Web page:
You are here

14.4 Needs Assessment

To understand what the eligible person and their family is currently experiencing and therefore determine what support might be required through the Acute Support Package (the Package), a needs assessment is required.

A needs assessment must be conducted to establish a support plan, and this will be informed by a discussion between the Complex Case Manager and the family about their circumstances. Activities and services can be recommended following this assessment.

This assessment will help the delegate determine if the Commission is satisfied that it is appropriate to grant an acute support package to the person to assist the person to adjust to new and challenging life circumstances, as required by the legislative instrument.

As part of the needs assessment discussion, a person may express goals for the better functioning of themselves or their family and identify specific supports they feel would help them achieve this. These goals can be considered when determining the services to be included in the support plan.

Case Managers may decide not to approve supports requested by the person, even if they are available under the Package, where they do not consider these supports appropriate to meet the person’s or their family’s needs.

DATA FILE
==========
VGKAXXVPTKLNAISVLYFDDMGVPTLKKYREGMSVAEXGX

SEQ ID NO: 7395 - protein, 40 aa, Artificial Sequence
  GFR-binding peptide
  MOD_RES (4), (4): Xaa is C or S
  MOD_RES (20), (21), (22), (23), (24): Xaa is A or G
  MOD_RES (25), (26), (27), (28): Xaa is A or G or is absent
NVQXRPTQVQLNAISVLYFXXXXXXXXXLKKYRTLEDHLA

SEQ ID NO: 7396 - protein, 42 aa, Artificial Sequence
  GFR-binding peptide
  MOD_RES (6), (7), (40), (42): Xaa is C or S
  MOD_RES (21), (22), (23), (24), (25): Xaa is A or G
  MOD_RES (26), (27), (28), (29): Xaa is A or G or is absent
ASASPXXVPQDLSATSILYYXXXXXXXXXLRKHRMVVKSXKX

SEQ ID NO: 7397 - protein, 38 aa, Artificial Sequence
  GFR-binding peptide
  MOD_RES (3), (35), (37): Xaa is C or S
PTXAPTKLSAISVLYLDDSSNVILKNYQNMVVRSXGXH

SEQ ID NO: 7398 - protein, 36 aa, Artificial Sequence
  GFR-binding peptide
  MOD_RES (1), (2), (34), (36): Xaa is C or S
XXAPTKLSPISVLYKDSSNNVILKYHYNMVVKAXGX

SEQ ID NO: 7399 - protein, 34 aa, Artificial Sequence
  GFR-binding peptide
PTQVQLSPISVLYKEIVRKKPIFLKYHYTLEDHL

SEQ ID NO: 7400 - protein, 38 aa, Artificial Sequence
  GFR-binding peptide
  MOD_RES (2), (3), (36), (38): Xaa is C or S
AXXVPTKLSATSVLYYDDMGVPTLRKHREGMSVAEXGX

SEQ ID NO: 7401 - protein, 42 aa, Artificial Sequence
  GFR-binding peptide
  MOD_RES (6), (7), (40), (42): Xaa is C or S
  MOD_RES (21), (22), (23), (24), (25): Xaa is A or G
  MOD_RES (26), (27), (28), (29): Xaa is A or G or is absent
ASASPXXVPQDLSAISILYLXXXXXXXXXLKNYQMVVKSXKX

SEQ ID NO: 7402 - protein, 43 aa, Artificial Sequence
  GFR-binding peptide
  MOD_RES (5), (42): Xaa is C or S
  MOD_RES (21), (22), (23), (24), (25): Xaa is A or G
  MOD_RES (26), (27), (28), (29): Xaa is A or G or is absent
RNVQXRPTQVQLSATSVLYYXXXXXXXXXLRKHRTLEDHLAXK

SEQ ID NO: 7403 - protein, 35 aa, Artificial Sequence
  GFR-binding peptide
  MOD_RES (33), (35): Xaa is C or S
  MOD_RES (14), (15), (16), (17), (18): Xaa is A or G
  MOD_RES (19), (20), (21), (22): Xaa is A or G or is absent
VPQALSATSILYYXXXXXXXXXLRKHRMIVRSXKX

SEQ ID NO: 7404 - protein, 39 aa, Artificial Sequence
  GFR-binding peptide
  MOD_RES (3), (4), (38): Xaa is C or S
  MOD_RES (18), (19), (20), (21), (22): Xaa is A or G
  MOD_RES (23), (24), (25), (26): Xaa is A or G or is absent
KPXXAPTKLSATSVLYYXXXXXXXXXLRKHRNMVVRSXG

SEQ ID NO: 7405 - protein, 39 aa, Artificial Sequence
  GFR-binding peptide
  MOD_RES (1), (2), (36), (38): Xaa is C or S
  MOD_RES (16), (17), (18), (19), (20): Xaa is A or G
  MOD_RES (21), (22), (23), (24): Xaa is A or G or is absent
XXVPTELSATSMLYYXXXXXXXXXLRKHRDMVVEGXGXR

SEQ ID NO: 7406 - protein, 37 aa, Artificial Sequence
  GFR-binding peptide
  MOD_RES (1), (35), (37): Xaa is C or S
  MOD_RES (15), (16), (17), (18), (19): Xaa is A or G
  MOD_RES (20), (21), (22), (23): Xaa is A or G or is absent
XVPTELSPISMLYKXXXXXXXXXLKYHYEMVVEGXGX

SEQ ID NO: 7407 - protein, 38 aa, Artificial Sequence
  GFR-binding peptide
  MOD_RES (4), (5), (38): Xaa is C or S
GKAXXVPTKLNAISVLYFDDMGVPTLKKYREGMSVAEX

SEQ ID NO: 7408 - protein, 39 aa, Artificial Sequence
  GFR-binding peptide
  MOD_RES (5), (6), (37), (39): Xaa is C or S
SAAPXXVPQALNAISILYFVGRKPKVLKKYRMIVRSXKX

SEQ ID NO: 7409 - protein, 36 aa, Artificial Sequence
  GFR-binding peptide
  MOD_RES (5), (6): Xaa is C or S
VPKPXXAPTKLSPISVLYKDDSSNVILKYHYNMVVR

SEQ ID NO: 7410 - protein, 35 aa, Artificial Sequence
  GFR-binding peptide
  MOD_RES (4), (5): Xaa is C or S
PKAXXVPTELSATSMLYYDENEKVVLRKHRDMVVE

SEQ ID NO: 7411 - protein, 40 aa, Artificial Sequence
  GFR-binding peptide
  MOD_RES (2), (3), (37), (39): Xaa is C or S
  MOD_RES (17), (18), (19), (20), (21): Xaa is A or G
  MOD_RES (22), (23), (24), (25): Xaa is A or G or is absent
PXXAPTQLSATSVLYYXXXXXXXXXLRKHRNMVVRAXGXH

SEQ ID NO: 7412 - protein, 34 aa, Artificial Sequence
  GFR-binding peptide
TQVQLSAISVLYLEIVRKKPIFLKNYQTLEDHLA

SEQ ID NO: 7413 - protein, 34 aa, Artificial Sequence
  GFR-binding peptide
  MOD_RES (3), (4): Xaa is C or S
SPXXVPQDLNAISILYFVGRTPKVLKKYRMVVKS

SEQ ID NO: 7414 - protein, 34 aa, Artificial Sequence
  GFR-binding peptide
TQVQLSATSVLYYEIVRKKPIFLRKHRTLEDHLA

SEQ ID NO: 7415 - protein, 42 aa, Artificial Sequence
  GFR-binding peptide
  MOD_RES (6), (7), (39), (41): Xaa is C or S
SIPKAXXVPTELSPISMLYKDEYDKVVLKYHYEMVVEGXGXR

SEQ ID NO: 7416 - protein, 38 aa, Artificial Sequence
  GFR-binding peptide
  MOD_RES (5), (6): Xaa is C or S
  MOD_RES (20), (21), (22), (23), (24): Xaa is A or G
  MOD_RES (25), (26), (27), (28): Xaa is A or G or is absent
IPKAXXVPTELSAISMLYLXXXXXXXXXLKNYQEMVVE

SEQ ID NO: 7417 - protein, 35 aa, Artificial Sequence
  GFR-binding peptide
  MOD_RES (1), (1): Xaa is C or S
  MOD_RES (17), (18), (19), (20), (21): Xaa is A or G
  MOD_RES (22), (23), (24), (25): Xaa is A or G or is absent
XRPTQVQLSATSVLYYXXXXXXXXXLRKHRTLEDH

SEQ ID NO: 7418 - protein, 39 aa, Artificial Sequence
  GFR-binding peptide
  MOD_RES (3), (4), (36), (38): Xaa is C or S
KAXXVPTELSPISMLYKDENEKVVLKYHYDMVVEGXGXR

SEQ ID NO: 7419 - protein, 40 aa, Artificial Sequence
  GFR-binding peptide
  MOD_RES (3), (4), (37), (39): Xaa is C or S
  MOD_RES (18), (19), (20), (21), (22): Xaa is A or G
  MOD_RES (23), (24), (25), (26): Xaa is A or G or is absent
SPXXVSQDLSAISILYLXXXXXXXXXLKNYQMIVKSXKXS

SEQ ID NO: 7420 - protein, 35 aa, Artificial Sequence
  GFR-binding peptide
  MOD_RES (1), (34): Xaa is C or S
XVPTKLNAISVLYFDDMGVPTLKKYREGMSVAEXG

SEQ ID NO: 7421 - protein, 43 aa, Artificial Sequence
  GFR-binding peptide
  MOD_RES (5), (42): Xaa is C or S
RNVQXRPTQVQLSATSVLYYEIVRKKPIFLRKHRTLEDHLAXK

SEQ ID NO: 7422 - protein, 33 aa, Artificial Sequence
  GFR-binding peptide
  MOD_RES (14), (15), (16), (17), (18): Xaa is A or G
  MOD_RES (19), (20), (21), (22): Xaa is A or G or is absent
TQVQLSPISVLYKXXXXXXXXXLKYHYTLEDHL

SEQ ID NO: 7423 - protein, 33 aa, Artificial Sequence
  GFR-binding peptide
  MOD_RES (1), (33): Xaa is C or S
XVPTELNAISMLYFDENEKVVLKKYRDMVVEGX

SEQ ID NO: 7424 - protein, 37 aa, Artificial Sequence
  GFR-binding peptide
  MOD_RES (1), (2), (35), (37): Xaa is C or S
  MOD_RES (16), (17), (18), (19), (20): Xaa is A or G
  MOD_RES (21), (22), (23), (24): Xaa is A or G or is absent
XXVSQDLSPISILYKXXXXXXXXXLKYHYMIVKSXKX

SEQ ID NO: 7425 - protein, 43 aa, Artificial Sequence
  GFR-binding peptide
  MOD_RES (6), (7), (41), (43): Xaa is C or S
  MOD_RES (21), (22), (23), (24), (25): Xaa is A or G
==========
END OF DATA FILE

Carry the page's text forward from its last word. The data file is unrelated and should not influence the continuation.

In assessing what services are appropriate to fund the delegate of the Commission should consider:

  • any written report in respect of the person’s needs and life circumstances conducted by DVA;
  • any assessment made by a qualified person in relation to the person;
  • the nature of the relationship between a related person and the member or former member;
  • any benefit or improvement expected in the person's life circumstances;
  • any evidence the service results in benefit to a person’s life circumstances;
  • whether a similar support is provided by DVA or another government agency;
  • the cost of the service and value for money;
  • the relative merits of any alternative and appropriate program/service;
  • the qualifications/accreditation of the service provider;
  • whether the service meets the goals of the family unit;
  • any history of support in the program;
  • any other matter that the Commission considers relevant.


For example, if a veteran can access Household Services it would be better for the family to receive household support through that program and use funds under the Package to meet other needs. A similar principle would apply where a family can access support for extracurricular activities for their children under the National Disability Insurance Scheme.


See 14.8 Support Plan for more information.